31 has worthy foe: mom in a minivan
Initiative's backers have 3 million reasons to fear her
By Rebecca Jones, Rocky Mountain News
October 12, 2002
She's an heiress with a fortune estimated at nearly $1 billion. Yet she
describes herself as just a mom who drives a minivan and cares about her
When Pat Stryker gave $3 million two weeks ago to a group formed to fight
Amendment 31, which would limit bilingual
education, she made state political history. Multimillion-dollar checks don't
often land in the bank accounts of citizen initiative groups.
But handing out checks is a big part of what Stryker, 46, is all about. During
the past six years, her family foundation - recently renamed the Bohemian
Foundation in honor of the free-spirited creativity of the Bohemian movement in
Paris in the early 1900s - has given grants of more than $6 million. The
recipients are nonprofit organizations for youths, the environment and the arts,
mostly in Larimer County, where Stryker lives.
Her philanthropic activities won her an Exemplary Citizenship Award from the
Fort Collins City Council last fall.
But the $3 million contribution to the English Plus group came not from the
foundation, but from her personal funds.
The Bohemian Foundation does not support or oppose political or legislative
issues, she said.
"Amendment 31 is a political issue, and one I personally feel very strongly
about," she said. "That's why I chose to make a personal donation to the
campaign to defeat it."
The constitutional amendment, which will appear on the Nov. 5 ballot, would
require non-English-speaking students to be placed in one-year English immersion
programs unless their parents obtain a waiver for bilingual education. Backers
of the amendment say existing bilingual programs have failed, and that immersing
non-English-speakers in English-only classes will help them learn the language
But Stryker, whose daughter attends Harris Bilingual Immersion School, a K-6
school in Fort Collins that teaches its 285 students in English and Spanish,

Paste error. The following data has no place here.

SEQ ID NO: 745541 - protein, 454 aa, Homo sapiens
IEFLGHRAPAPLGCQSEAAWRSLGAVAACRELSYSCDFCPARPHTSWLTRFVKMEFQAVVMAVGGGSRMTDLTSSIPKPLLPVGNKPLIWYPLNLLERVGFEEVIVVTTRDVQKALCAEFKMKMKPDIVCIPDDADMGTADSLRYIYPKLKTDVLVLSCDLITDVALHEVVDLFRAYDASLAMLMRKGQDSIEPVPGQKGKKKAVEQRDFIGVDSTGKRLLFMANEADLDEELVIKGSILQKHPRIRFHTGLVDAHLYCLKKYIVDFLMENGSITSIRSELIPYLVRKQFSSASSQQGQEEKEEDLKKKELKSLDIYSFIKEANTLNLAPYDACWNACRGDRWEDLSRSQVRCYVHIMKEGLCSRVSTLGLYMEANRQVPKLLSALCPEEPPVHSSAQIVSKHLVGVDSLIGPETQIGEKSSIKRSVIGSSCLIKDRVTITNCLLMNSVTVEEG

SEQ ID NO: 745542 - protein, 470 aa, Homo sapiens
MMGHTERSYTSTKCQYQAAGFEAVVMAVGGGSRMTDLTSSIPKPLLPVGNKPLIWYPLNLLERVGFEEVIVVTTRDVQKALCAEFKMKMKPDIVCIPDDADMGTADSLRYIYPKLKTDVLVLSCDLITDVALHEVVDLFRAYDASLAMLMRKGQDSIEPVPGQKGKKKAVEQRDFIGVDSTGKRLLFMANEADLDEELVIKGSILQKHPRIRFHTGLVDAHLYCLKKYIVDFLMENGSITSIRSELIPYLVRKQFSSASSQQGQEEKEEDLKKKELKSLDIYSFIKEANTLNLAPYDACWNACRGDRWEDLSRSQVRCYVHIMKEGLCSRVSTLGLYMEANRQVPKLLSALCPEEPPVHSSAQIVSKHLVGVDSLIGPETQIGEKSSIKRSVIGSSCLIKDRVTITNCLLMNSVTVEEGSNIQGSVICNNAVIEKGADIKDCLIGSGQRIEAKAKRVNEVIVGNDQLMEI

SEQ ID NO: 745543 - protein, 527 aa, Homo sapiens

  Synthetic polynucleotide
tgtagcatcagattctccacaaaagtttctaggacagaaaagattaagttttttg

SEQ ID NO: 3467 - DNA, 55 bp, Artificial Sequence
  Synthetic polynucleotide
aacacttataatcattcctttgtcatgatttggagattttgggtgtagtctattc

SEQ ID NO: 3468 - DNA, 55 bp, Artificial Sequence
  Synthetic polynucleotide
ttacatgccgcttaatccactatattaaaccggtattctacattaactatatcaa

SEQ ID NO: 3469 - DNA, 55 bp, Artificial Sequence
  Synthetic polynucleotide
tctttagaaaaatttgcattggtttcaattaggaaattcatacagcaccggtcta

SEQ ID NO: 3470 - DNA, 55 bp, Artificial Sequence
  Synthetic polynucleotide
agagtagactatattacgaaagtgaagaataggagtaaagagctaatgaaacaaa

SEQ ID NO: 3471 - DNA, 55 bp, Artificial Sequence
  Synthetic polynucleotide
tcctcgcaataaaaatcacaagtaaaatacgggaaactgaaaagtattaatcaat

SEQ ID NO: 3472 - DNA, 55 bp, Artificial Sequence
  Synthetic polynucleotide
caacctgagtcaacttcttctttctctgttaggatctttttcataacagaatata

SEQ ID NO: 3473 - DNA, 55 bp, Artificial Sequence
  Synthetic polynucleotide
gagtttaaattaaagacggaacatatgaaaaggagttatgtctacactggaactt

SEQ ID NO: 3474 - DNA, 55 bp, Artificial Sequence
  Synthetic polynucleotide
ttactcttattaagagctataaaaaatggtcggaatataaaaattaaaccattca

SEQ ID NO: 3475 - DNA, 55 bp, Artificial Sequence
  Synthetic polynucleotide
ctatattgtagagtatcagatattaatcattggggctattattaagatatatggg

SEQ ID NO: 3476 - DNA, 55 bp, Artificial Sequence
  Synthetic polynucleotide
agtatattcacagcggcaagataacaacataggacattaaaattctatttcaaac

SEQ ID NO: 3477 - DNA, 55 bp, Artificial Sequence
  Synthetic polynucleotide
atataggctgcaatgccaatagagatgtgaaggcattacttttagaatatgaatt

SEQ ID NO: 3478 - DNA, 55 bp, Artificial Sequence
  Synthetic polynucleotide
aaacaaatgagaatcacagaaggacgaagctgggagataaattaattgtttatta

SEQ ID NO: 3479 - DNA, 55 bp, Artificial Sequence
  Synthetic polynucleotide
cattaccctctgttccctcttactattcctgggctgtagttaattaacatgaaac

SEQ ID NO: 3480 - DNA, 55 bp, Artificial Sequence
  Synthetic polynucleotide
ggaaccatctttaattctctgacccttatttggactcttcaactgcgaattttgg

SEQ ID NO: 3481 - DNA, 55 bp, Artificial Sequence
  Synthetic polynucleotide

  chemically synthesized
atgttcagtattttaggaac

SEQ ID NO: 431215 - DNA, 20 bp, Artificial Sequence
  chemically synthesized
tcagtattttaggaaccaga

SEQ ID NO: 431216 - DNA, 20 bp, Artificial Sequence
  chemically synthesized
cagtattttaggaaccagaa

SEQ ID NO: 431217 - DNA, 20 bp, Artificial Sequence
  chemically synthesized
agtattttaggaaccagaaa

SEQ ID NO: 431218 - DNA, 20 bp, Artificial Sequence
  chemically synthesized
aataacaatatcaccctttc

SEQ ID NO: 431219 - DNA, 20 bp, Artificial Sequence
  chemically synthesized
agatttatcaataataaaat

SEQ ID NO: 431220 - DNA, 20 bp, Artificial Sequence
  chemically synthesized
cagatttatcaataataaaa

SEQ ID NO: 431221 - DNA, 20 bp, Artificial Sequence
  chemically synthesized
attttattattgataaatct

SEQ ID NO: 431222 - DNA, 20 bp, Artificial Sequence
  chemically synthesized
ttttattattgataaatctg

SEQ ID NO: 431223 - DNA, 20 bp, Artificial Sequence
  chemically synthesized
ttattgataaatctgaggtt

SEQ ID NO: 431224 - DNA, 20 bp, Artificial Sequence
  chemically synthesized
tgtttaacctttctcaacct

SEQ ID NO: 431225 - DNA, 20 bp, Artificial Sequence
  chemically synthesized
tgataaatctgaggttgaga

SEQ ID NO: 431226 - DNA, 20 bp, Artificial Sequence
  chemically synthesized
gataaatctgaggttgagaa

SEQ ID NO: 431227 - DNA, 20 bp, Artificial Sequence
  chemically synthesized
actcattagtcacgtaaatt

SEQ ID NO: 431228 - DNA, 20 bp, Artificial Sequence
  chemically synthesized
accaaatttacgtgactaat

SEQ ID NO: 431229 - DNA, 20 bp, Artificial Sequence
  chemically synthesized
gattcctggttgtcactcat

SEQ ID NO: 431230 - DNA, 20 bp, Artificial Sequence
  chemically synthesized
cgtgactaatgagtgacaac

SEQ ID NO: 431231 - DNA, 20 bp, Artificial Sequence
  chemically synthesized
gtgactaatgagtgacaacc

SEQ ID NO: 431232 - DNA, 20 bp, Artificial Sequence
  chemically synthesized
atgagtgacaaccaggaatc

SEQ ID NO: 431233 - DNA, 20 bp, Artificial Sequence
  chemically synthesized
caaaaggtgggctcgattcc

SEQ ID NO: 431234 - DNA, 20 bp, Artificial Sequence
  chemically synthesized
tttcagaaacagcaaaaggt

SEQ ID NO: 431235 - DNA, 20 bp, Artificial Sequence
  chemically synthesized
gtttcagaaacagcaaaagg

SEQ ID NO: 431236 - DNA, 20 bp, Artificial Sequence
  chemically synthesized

sees it differently.
"I don't want limits placed on my daughter's educational opportunities, or on
those of any other child in Colorado," she
said. "For me, the issues are simple: Amendment 31 takes educational freedom of
choice away from parents. It threatens
teachers. It's bad for education and bad for the children of Colorado."
Stryker said she first learned of the issue last May when her daughter came home
from school and said, "Mom, they're going to try to close my school."
"When I learned who 'they' were and what they intended with this ballot issue, I
became active, along with other parents, in working to defeat it," she said.
In any case, she sure got "their" attention. Rita Montero, chairwoman of English
for the Children, proponents of Amendment 31, called Stryker a vampire.
"You've got this rich, liberal woman who wants to educate her kid off of the
backs of our kids by having our kids teach her child how to speak Spanish,"
Montero said recently. "She's sort of like a vampire sucking blood out of our
kids and walking away with a smile on her face."
Stryker refuses to respond to the criticism. She notes that the rest of the
world seems to accept bilingual education. "In Europe, it's a no-brainer. You
get more than one language," she said.
"She regards it as irrelevant to the work she's doing," said Tom Hacker, a
one-time Fort Collins journalist now serving as Stryker's spokesman. A very
private person, she's not keen on giving interviews or having attention focused
on her or her family.
Stryker said she doesn't speak much Spanish, but as a child, she had a pen pal
in Mexico. "My dad learned Spanish, and he would translate for me," she said.
A divorced mother of three, she lost her father, Lee Stryker, 26 years ago in a
plane crash. It was her father and her grandfather, Dr. Homer Stryker, who built
the family fortune, which she now shares with a younger brother and older
Homer Stryker was an orthopedic surgeon who invented and patented a number of
medical devices, including a cast cutter. He formed Orthopedic Frames Co. to
market the devices. Lee Stryker took the company global. In 1964, the name was
changed to Stryker Corp., with headquarters in Kalamazoo, Mich.
Pat Stryker says she knew her grandfather well. "(He) helped all of us
understand the responsibility to leave the world a better place than you found
it. He did wonderful things, and he left the world a better place. That's all I
want to do, and that's why I'm doing this now."
While Stryker's father came from wealth and privilege, her mother was the
daughter of educational missionaries who worked in China for many years. Her
mother was a social worker who also stressed the importance of making the world
a better place.
For Stryker, helping children is her No. 1 goal in life. "I'm passionate about
most things that affect the lives of children,"
she said. "I want to help give people who are under 18 and can't vote a voice. I
want to be a champion for children."
jonesbe@RockyMountainNews.com or (303) 892-5426.